Crucifiction was around long before Jesus got nailed to a cross. What do you think the sight of large wooden crosses on the landscape meant to people back then?

      Apr 23, 2010 at 7:40 pm   rating: 90  small thumbs up

    • #19.36   infant tyrone bang

      I’m not trying to build any bridges or bring harmony (or a Coke) to the world, but the interchange above has got me thinking.

      There are plenty of people here in the West who now know that the swastika predated the Nazis, if only because our public schools have managed to include in their curriculum the fact in that the Nazis adopted a pre-existing symbol. So, if someone encounters a swastika design with no specific Nazi aspects to it, they might recognize it as “the symbol that the Nazis appropriated” but not have any major reaction. If they see a black swastika in a white circle all inside a red rectangle, they will probably recognize it as a Nazi flag and will probably have a greater reaction to it.

      Considering the cross in a similar way, if someone sees a plain old cross, they probably won’t think of the Klan or of contemporary assassins of abortion doctors and their staff.
      But, if they are shown a fiery cross, they will probably, if more slowly than it happens with the swastika, associate it with the Klan.

      So, I suspect that there is a large population for whom both “plain vanilla” symbols do not immediately provoke an emotional reaction, and there is a small population for whom the symbols in their KKK or Nazi context do not provoke such a reaction.

      For what it’s worth.

      Apr 23, 2010 at 8:08 pm   rating: 90  small thumbs up

    • #19.37   Canthz_B bang

      Ty, I wish the Nazis had used a yell0w smiley have-a-nice-day face. I could stand to see that thing get a bad rap!!

      Apr 23, 2010 at 8:18 pm   rating: 90  small thumbs up

    • #19.38   oi bang

      I feel like an asshole. I am so sorry CB.
      It was morning and I did not have my tea and rose said somebody had replied to me. I did not see ashmeadow’s first post until just right now. I saw your comment kinda skimmed through it.I just read you had straighten the record and I should learn the history. I guess that I am the one who is insecure about my knowledge of US history. I did not see ashmeadow’s first post until just right now and I have not read any of it yet. I feel I should say sorry firs t to you before I do anything else.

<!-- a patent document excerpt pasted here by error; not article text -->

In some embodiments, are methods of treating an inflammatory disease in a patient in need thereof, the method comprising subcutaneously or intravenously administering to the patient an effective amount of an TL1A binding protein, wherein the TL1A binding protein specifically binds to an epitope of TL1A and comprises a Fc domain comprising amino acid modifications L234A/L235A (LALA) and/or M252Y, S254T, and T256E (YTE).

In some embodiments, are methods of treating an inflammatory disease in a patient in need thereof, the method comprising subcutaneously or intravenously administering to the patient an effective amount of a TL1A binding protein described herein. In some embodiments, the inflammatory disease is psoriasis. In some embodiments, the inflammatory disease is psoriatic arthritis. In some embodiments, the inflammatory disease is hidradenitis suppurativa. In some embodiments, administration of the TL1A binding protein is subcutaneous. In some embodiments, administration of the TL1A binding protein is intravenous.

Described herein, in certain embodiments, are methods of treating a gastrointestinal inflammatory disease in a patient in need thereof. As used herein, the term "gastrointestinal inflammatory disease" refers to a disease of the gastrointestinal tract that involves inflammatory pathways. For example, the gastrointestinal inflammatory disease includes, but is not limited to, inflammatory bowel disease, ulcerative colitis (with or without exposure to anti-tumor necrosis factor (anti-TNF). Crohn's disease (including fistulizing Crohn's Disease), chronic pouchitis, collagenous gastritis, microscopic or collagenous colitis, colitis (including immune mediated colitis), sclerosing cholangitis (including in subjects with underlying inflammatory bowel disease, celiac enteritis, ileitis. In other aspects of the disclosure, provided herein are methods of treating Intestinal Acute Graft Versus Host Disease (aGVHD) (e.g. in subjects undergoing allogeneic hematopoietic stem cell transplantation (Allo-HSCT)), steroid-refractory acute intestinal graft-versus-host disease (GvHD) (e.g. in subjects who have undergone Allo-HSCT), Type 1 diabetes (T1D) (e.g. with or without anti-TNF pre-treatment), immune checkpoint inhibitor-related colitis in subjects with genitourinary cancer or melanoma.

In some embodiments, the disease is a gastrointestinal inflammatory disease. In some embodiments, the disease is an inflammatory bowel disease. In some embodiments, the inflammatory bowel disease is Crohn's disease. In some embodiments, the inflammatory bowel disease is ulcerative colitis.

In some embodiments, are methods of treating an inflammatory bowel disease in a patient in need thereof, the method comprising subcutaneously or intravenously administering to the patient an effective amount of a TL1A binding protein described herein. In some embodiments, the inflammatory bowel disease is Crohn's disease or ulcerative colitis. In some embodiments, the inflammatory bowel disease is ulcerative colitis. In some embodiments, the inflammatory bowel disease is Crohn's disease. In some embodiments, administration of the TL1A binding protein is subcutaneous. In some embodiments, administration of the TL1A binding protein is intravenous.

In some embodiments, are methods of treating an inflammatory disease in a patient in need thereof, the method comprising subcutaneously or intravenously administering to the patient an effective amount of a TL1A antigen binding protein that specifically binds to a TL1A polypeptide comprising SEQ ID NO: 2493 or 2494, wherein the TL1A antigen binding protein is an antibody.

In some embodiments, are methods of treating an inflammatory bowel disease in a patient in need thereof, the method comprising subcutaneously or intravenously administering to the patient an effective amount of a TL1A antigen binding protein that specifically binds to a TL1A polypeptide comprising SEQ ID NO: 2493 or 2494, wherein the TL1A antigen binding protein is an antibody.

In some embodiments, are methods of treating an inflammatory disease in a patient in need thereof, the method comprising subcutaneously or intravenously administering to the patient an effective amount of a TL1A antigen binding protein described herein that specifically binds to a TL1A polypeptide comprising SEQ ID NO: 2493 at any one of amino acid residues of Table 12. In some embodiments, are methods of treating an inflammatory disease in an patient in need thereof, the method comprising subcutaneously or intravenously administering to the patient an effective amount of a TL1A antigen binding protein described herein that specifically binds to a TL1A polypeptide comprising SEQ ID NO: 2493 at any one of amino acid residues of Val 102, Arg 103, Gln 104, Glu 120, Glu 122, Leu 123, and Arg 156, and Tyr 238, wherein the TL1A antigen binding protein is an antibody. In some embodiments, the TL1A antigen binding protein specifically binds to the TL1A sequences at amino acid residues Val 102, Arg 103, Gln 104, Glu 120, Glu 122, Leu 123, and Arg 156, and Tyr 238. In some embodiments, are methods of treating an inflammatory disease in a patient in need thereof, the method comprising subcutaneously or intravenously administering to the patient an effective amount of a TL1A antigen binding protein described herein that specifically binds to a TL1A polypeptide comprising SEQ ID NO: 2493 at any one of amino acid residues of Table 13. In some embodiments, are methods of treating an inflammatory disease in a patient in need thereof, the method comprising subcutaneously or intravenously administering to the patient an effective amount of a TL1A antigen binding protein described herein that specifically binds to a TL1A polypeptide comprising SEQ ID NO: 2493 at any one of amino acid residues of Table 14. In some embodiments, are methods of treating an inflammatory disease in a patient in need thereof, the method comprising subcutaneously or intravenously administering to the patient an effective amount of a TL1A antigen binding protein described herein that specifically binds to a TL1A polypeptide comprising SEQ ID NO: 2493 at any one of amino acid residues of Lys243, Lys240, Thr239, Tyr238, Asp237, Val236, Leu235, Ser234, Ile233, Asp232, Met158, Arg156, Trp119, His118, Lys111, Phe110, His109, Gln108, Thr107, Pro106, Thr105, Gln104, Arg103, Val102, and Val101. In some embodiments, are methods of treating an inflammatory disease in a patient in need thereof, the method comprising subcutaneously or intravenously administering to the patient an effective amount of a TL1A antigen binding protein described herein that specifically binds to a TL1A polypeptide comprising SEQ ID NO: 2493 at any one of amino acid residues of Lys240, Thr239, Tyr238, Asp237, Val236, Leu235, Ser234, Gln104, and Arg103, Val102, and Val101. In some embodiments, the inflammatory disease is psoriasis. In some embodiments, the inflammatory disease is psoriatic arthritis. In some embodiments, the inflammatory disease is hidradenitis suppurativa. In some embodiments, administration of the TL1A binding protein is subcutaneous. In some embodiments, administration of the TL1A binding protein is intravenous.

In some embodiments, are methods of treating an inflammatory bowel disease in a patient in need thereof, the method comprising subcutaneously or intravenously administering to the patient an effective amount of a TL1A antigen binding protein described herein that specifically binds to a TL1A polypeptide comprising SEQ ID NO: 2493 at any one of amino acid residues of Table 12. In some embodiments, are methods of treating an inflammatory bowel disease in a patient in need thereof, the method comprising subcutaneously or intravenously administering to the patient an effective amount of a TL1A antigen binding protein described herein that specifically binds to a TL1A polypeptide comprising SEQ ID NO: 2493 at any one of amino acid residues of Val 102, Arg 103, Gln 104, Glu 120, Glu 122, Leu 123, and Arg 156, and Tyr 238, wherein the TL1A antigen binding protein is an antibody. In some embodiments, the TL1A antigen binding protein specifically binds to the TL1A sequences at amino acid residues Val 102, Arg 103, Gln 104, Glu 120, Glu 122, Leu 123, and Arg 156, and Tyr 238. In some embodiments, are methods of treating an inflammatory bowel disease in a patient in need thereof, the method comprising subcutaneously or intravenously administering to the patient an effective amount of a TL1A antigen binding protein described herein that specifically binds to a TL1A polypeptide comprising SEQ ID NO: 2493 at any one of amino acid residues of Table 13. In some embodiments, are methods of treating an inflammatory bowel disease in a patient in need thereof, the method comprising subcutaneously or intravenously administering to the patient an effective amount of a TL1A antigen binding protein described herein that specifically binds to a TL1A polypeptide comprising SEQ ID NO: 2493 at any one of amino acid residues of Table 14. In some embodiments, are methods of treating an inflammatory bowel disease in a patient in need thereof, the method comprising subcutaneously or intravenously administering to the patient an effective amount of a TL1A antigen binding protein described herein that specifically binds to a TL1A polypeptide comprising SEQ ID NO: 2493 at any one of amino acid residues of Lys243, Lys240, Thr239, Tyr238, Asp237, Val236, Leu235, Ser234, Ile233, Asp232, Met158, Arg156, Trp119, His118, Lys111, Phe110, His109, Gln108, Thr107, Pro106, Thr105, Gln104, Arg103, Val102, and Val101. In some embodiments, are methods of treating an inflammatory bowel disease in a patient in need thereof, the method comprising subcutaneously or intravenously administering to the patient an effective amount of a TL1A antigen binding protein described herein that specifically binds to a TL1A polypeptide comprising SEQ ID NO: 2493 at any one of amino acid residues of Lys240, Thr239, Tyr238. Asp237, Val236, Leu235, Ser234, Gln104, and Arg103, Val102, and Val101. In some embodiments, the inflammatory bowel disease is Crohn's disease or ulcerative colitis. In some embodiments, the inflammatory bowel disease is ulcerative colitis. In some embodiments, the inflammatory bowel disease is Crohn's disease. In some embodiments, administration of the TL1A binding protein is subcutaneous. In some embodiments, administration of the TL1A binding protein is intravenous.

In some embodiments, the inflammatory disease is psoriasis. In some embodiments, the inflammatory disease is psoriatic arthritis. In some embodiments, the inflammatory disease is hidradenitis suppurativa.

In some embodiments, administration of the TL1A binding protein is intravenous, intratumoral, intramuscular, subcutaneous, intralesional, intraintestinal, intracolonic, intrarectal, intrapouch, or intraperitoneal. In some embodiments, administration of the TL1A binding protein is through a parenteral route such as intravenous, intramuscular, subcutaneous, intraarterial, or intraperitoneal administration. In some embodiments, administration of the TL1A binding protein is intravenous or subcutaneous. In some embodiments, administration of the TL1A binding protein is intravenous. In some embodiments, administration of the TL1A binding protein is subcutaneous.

I AM SORRY.

      Apr 23, 2010 at 8:48 pm   rating: 90  small thumbs up

    • #19.39   Canthz_B bang

      ♥ No worries, oi. Nothing wrong with being passionate. Have I told you how beautiful you are when your dander is up?! ♥

      Apr 23, 2010 at 9:07 pm   rating: 90  small thumbs up

    • #19.40   TheOldSchool bang

      Oi, relax.

      My time is too sacred to me to just sit back and watch this site get cluttered up with sensitive, heart-felt apologies any time people start feeling guilty about spewing unwarranted, ad hominen attacks on other people’s characters.

      Life’s too short for remorse. If you fuck up, just make up a reason why the person you needlessly attacked is the one at fault, and then put the other boot in while you’re at it.

      That’s what the punters pay to see.

      Nice sucks.

      Keep the (((hugs))) in the hen house — where they belong.

      Apr 23, 2010 at 9:09 pm   rating: 90  small thumbs up

    • #19.41   oi bang

      so nice of you CB. and TOS too. I certainly did not expect this. ♥ ♥ ♥

      Apr 23, 2010 at 9:12 pm   rating: 90  small thumbs up

    • #19.42   Canthz_B bang

      Just don’t go telling anyone…I have a reputation to protect! :-P

      Apr 23, 2010 at 9:16 pm   rating: 90  small thumbs up

    • #19.43   TheOldSchool bang

      Maybe my message of snark and intolerance has been misunderstood.

      Apr 23, 2010 at 9:32 pm   rating: 90  small thumbs up

    • #19.44   oi bang

      I think CB has made it clear ashmeadow.
      I agree that US or western word did not know and that’s why only reference they have for Swastika is Nazism. but that’s not the whole picture and when you have a chance to look at the whole picture you should look at it.
      I admitted at the first sentence that I did not know about Swastika being Nazism symbol at the same time I also saw that yes that’s how it was and accepted yes it won’t change overnight. About my analogy yes it was not perfect but it was crude attempt to make it relevant to more people. I did not at all try to downplay Hitler’s cruelty and insanity.
      I hate violence of any kind and Hitler was violence personified.
      My point was Swastika has other meaning and that’s much more ancient than Hitlar’s. Just because one insane but powerful guy misrepresented it, the entire nation’s convictions does not go away. As I said thousands times before I don’t expect you to know it but when you know it, show respect.
      You know by refusing stubbornly to look it as anything but evil you are making Hitler proud.

      Apr 23, 2010 at 9:36 pm   rating: 90  small thumbs up

    • #19.45   anglophile bang

      TOS, I hearby apologize deeply and profusely if I ever wrote anything that caused you pain. Please, please, please forgive me, I beg you.

      Apr 23, 2010 at 9:42 pm   rating: 90  small thumbs up

    • #19.46   oi bang

      oh mickeyc you won money. You said what I was dying to hear. I am a German in Burqa.
      oh poll time. I have decided to learn two foreign languages but German was not one of them. May be I should reconsider. I mean I already have got German phrasing style down right mickeyc? so it’s Spanish and German now.
      oh and ♥mark♥

      Apr 23, 2010 at 9:44 pm   rating: 90  small thumbs up

    • #19.47   ashmeadow